Making a game too hard is not about making it "impossible" for the casual players. It is about requiring an effort these casual players are not willing to bring to the table. The G in MMORPG stands for Game, and there are a lot of people who believe that MMORPGs are "just games". If there was a game which would require you to simply press a button 1 million times to get a super reward, some people would do that, while most people would probably say that this isn't enough fun for the reward to be worth the effort.

In real life the possible reward for any given effort is often limited by laws of physics and nature. For example how much effort you have to exert to lose weight and become muscular by working out in a gym is not really optional. That limits the business opportunities of gyms. In virtual life no such limitations exist. A developer can require a grueling 6-hour perfect play for you to get any epic reward, or he can give it to you for pressing a single button, or he can sell it to you. It is true that the 6-hour perfect play epic would be "worth more" to the person having achieved it than the button-press epic everybody got. But that is an optimization problem, with a optimum solution somewhere in the middle. The 6-hour perfect play epic does not motivate a player to play and pay a monthly subscription if that player knows that he will never want to play for 6 hours straight, or do all the training and research required. The single-button press epic doesn't motivate anybody either. So the task for the developer is to design challenges which require enough effort to be considered worthwhile, but not so much as to be considered only accessible by the no-lifers.

MMORPGs are entertainment products. Game companies are in the business of selling these entertainment products. If developers design a game which requires too much effort from the average player for too little gain, the average players will start leaving the game. While Trion never published subscriber numbers, I am pretty certain that this is what happened to them. Rift wasn't nerfed because of some change in philosophy, or to mimic a move Blizzard made 2 years ago, or to do the opposite of what Blizzard did in Cataclyms. Rift was nerfed because it lost too many players who were complaining that the endgame wasn't accessible enough for them. Cataclyms will be nerfed end of this month for exactly the same reason. Accessibility isn't a philosophical concept, it is a business survival strategy. That some people would rather want to see their favorite game fail than to be made accessible speaks for itself.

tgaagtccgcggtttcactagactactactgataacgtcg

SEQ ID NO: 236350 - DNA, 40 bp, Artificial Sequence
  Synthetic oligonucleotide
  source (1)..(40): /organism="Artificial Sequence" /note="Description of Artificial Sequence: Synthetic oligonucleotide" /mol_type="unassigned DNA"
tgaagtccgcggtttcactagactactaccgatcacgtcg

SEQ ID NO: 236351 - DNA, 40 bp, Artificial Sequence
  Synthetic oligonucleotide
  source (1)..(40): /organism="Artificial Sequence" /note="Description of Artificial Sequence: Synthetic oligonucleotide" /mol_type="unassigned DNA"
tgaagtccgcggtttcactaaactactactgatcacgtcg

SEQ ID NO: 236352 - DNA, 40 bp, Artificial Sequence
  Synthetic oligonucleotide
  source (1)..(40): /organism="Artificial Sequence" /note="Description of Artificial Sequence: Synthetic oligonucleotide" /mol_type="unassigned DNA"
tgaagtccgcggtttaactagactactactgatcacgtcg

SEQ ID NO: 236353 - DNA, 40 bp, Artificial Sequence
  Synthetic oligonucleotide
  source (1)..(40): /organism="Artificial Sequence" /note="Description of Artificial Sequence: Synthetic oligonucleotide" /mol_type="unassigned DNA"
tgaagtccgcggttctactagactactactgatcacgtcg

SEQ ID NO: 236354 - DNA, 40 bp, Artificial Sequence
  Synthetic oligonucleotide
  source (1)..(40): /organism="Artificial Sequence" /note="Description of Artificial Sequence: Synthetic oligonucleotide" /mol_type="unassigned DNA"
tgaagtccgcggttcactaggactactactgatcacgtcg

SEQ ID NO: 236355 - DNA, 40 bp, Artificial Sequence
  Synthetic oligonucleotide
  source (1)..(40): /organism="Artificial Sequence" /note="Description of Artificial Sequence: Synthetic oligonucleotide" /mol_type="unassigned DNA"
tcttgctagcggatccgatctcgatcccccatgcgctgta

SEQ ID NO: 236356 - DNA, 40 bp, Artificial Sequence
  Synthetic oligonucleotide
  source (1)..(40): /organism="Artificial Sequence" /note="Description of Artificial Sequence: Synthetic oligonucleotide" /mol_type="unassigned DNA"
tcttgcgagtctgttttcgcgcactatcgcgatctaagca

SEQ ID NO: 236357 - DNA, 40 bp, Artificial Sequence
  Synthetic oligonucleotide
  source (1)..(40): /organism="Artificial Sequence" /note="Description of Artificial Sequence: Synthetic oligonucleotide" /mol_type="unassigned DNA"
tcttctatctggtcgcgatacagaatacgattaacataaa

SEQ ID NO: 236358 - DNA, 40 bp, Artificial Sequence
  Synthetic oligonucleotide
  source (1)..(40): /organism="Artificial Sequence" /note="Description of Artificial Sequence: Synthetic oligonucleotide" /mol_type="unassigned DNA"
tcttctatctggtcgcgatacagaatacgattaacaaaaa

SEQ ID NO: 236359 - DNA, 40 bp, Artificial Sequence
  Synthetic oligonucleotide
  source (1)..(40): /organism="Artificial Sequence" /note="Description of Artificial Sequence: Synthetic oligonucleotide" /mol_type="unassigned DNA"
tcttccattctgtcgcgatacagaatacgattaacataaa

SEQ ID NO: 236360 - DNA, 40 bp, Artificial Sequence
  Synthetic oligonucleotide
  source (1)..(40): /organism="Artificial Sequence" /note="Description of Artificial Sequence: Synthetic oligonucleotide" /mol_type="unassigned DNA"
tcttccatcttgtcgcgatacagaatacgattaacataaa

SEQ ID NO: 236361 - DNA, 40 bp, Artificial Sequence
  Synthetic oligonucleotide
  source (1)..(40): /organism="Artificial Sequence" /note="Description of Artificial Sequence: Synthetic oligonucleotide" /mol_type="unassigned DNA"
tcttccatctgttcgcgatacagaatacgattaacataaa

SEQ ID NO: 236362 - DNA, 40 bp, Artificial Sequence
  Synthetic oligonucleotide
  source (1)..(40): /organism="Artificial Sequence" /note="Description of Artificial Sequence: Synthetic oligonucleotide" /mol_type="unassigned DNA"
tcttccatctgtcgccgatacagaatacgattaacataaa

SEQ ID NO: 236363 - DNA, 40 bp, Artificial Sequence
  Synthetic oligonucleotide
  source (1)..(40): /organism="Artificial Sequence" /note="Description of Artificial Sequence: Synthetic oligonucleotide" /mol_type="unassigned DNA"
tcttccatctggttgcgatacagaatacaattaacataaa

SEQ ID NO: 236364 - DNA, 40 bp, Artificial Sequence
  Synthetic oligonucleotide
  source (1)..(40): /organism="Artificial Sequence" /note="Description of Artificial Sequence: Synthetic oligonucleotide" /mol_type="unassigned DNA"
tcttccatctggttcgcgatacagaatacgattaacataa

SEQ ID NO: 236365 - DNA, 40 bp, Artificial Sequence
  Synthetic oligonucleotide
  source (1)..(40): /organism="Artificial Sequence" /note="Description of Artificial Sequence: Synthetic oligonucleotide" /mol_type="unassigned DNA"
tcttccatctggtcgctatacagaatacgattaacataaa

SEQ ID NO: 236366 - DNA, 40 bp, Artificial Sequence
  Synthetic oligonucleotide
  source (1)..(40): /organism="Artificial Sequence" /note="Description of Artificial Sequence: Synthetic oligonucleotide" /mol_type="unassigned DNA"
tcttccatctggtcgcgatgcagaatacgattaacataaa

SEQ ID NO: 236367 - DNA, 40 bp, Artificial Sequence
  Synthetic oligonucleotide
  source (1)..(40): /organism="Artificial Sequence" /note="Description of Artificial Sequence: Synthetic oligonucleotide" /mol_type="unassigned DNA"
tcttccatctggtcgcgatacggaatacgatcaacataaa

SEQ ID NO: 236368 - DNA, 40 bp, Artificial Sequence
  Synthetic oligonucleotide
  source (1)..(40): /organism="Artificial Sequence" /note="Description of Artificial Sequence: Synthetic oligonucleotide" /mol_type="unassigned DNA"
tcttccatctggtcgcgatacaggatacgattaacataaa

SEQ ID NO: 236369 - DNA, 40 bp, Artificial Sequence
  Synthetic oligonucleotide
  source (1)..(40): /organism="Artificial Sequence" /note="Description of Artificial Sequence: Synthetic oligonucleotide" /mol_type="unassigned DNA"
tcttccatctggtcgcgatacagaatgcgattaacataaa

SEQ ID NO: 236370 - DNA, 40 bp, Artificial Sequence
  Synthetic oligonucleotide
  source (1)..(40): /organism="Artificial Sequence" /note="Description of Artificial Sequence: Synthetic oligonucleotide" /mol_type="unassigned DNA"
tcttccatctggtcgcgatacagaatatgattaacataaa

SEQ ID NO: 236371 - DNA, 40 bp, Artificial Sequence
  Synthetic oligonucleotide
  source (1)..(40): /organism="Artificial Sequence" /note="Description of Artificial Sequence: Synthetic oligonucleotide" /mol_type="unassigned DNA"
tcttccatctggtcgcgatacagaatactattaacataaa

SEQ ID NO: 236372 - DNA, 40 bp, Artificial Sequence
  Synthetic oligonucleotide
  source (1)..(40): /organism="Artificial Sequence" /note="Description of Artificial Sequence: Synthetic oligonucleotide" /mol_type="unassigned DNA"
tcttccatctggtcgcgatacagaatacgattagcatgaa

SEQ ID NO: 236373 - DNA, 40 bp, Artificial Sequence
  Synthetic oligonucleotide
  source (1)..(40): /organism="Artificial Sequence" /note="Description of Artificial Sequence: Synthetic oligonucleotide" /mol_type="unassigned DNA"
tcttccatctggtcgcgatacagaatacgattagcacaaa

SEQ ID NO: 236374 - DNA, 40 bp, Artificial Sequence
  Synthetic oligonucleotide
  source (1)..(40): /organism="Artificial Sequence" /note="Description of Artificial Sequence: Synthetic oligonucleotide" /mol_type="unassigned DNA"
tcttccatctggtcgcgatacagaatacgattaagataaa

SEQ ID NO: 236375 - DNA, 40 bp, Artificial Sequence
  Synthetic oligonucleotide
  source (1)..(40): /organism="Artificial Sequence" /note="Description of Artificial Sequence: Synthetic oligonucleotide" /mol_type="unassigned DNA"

Of course better solutions than nerfing exist. Single-player games have solved the exact same problem years ago by introducing variable difficulty. Most single-player games wouldn't be profitable if they only existed on their hardest difficulty setting. One day some MMORPG developer will get the risk-reward ratio of a variable difficulty system right and make a killing. Until then going for the largest number of players is more intelligent than catering to the hardcore.